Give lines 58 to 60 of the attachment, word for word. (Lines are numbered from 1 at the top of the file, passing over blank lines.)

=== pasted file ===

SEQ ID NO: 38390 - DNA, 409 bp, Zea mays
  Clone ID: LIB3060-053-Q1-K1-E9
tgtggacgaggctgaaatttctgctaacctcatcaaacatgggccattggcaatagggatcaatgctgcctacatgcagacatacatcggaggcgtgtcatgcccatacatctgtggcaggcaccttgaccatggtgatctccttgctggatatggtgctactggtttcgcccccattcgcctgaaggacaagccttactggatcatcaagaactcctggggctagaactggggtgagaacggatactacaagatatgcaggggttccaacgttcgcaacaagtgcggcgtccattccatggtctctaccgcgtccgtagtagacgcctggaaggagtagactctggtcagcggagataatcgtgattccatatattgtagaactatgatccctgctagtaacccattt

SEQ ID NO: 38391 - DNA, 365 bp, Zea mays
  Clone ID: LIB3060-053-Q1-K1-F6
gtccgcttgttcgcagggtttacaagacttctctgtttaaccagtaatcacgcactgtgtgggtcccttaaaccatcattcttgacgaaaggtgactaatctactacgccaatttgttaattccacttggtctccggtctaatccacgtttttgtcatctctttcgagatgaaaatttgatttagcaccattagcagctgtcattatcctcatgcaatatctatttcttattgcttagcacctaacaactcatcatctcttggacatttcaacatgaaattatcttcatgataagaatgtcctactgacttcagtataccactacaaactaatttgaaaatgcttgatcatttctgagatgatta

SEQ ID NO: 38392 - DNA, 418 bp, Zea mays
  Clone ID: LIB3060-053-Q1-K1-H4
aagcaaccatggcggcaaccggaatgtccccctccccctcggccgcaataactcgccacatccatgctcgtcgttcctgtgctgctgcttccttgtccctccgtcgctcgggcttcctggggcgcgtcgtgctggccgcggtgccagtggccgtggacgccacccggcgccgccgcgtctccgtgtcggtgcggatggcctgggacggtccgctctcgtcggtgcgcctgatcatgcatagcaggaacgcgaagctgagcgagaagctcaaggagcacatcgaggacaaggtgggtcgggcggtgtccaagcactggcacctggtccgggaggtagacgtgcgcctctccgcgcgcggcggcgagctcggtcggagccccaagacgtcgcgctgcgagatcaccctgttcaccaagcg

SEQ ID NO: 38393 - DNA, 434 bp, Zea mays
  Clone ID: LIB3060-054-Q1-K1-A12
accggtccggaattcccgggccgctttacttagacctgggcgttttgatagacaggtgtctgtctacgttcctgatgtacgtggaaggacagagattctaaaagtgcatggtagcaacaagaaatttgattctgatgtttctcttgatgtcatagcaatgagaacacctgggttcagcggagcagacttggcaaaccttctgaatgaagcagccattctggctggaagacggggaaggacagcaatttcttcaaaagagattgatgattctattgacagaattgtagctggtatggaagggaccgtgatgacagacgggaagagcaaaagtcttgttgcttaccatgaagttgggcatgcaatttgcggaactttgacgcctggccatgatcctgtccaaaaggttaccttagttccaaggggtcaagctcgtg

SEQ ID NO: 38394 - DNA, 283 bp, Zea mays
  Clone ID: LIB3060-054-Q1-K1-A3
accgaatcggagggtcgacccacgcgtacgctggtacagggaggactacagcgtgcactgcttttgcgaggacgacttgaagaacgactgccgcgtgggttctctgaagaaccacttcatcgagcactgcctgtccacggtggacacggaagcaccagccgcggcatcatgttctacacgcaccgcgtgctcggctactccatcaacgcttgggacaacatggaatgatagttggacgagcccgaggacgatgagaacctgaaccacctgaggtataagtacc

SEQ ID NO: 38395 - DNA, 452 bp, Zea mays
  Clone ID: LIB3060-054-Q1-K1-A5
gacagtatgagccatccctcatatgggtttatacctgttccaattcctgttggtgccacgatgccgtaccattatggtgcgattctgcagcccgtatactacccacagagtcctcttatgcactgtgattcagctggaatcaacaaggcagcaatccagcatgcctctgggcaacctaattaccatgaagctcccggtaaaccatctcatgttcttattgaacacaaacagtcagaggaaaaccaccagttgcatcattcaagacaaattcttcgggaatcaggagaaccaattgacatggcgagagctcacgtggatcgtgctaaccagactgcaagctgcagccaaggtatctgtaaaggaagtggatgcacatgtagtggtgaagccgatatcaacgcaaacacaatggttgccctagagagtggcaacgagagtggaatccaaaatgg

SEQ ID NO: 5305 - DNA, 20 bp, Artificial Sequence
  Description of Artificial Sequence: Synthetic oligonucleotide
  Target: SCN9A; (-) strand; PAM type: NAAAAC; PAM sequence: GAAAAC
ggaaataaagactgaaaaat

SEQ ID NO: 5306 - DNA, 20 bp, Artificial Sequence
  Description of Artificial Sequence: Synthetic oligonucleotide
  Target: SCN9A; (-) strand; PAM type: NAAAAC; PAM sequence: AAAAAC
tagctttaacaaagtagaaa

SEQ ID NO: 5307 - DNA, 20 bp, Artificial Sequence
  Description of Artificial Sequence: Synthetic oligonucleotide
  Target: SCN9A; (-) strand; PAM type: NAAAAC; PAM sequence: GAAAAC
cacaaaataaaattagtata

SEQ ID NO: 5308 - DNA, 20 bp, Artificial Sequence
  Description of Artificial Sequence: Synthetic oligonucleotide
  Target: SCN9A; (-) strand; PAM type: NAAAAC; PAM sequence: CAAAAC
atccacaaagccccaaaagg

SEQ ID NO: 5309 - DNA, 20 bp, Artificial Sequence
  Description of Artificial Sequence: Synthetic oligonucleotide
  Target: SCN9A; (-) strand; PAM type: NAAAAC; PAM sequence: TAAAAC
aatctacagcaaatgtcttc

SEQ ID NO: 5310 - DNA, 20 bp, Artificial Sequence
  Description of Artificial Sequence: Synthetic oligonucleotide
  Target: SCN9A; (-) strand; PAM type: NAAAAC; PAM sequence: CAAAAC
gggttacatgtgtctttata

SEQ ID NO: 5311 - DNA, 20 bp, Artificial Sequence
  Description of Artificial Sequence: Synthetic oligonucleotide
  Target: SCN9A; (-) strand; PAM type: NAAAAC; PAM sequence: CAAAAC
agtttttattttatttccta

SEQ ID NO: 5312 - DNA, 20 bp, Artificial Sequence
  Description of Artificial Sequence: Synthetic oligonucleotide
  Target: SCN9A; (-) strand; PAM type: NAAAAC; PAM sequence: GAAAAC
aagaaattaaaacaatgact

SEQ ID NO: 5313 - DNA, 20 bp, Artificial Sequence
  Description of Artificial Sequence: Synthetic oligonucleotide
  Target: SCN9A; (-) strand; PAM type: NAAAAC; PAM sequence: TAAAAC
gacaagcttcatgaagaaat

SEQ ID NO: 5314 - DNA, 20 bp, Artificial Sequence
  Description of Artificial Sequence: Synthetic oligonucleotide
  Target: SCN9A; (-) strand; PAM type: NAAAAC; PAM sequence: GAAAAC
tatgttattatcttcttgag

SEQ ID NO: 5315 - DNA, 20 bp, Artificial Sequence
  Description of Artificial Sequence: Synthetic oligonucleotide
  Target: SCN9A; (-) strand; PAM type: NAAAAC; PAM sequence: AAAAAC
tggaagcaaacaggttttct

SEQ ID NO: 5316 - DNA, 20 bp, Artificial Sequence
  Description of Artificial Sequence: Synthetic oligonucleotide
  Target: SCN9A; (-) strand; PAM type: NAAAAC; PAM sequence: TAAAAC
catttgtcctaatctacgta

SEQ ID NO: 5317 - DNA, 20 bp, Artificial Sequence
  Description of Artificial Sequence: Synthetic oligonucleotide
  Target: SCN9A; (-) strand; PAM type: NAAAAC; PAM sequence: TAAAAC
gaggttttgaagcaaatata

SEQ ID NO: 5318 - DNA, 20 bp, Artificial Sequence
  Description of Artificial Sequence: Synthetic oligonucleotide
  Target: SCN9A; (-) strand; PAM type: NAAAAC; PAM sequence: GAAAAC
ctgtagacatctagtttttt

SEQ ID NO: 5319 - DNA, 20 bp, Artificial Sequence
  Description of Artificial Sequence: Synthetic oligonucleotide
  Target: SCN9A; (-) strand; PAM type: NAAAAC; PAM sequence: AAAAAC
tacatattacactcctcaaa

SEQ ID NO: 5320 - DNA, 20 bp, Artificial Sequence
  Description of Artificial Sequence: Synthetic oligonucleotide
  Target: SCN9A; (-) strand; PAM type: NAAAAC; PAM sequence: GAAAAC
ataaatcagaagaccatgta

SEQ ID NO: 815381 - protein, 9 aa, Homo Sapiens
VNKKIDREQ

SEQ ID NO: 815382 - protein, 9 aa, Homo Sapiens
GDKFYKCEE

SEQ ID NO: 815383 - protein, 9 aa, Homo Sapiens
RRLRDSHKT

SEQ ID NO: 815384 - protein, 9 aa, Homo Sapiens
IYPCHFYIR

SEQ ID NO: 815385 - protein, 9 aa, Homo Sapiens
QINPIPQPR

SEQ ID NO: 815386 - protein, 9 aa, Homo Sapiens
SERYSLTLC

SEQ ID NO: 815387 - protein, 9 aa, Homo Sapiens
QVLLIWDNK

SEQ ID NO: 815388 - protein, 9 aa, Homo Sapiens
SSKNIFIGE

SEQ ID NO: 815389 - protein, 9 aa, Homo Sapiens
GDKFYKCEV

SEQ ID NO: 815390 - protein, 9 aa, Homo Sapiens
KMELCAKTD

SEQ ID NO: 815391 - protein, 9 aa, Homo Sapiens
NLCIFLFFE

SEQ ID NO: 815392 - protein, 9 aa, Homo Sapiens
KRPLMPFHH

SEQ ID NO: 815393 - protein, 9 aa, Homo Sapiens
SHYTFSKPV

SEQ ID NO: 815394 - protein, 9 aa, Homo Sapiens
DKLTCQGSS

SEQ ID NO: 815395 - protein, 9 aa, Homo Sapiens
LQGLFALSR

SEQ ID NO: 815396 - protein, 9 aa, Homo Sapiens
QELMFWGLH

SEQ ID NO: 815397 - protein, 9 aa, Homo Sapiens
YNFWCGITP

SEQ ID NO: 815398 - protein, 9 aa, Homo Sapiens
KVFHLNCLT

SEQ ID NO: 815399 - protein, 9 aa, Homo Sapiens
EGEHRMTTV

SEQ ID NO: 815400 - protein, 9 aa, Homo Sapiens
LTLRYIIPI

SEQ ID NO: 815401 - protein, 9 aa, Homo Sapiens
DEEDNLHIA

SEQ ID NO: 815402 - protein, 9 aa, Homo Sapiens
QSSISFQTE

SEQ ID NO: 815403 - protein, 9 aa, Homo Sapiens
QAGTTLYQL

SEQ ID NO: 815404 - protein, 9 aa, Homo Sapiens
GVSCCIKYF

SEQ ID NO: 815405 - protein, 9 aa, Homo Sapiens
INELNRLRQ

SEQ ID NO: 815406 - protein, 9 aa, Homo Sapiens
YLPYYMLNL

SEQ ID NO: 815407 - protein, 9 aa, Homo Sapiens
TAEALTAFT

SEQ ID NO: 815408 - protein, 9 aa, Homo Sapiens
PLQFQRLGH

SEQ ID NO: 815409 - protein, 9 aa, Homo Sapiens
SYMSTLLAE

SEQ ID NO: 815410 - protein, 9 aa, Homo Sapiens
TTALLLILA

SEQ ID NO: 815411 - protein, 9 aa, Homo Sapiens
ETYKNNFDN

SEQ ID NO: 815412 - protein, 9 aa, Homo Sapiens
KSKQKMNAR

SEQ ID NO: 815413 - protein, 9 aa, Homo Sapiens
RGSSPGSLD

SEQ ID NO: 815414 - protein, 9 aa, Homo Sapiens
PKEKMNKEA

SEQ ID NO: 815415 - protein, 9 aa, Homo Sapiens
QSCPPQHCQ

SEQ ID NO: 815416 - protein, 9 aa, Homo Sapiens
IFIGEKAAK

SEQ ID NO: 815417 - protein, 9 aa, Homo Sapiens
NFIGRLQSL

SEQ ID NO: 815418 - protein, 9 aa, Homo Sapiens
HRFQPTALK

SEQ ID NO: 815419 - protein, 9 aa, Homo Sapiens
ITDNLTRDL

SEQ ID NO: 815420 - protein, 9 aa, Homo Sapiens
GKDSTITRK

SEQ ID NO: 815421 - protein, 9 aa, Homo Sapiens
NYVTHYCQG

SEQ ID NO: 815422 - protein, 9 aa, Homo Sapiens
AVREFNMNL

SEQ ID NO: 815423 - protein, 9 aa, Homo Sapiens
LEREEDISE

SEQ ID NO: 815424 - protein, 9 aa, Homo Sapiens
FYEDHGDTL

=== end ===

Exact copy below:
tatgttattatcttcttgag

SEQ ID NO: 5315 - DNA, 20 bp, Artificial Sequence
  Description of Artificial Sequence: Synthetic oligonucleotide